Maritime incidents with FOC vessels
A number of case studies are presented in this chapter, depicting
instances of Australian workers losing employment as vessels are re‑flagged
and international seafarers employed. There are also examples of international
seafarers receiving inadequate wages and working in poor conditions.
This chapter details recent incidents in and around Australian waters,
involving FOC vessels and serious instances of poor working conditions,
disappearances and deaths at sea.
It details the challenges with jurisdictional responsibility for
investigating these incidents when they occur in international waters, under an
FOC flag. These issues were discussed by the State Coroner's Court of NSW, in
its inquest into the deaths of Cesar Llanto and Hector Collado, which is also
discussed in this chapter.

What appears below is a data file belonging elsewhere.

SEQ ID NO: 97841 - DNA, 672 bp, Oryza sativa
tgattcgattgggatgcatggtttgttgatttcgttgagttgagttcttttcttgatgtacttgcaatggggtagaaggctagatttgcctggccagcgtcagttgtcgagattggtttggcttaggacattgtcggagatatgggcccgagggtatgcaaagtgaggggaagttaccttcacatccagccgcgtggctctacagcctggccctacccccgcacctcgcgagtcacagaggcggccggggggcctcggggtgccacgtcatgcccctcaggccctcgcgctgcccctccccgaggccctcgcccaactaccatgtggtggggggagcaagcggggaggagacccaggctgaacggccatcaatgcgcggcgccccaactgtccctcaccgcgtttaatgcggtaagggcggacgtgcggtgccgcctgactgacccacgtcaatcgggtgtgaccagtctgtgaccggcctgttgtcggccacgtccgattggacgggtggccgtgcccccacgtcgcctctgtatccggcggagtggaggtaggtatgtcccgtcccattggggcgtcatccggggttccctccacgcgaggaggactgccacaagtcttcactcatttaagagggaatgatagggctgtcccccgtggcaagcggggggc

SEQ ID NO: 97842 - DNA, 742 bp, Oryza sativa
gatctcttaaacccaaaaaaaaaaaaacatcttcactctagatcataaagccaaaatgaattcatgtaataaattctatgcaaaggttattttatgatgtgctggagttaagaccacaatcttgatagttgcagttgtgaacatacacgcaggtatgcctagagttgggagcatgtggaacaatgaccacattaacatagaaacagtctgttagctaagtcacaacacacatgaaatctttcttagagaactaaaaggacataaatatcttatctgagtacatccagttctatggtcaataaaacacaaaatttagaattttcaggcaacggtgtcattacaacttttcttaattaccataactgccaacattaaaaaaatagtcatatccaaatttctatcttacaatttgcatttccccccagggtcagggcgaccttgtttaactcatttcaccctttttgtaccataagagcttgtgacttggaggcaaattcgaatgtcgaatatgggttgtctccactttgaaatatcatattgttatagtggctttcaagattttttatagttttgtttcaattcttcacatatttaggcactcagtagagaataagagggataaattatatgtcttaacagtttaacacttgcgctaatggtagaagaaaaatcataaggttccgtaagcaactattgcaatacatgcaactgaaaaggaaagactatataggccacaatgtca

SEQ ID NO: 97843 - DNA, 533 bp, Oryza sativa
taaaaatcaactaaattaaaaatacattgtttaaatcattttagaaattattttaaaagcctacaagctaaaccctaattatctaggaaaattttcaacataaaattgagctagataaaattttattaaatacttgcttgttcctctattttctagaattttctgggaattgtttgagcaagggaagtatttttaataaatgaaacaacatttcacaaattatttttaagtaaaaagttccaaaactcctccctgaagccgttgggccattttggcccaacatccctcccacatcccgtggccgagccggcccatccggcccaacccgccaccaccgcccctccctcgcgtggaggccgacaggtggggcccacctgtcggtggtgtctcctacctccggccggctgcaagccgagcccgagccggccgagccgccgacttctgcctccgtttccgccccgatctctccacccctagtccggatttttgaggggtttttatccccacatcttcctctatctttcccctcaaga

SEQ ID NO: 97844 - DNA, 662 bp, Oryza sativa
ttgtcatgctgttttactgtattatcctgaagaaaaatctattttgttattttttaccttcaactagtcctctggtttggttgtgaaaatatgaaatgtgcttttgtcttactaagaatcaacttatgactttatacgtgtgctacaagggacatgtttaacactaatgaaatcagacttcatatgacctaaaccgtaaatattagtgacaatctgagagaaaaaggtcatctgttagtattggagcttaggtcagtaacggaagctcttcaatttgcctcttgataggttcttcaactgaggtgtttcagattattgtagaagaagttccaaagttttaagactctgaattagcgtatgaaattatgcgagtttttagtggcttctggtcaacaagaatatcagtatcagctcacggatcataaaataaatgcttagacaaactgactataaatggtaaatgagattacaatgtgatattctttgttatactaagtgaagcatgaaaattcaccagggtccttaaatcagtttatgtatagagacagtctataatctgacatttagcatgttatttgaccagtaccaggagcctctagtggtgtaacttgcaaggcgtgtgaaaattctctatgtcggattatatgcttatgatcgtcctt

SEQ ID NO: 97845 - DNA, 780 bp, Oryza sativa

Employment of Australian seafarers
Numerous examples have been presented to the committee of Australian
seafarers losing employment, as companies engaging in shipping along the Australian
coast employ FOC vessels and cheaper, overseas crew.
The committee's interim report detailed a number of situations that
illustrated the problem of FOC shipping for Australian seafarers. This included
the replacement of the Australian ship MV Portland and its crew with a
foreign-flagged vessel and a foreign crew, operating under a temporary licence.
Nearly 40 Australian seafarers lost employment, with the replacement foreign
crew reportedly subject to very poor wages and insufficient training.
A number of further, similar examples have occurred since the events on
the MV Portland, where Australian seafarers have been replaced by
foreign crew, and where foreign crew have allegedly received wages far below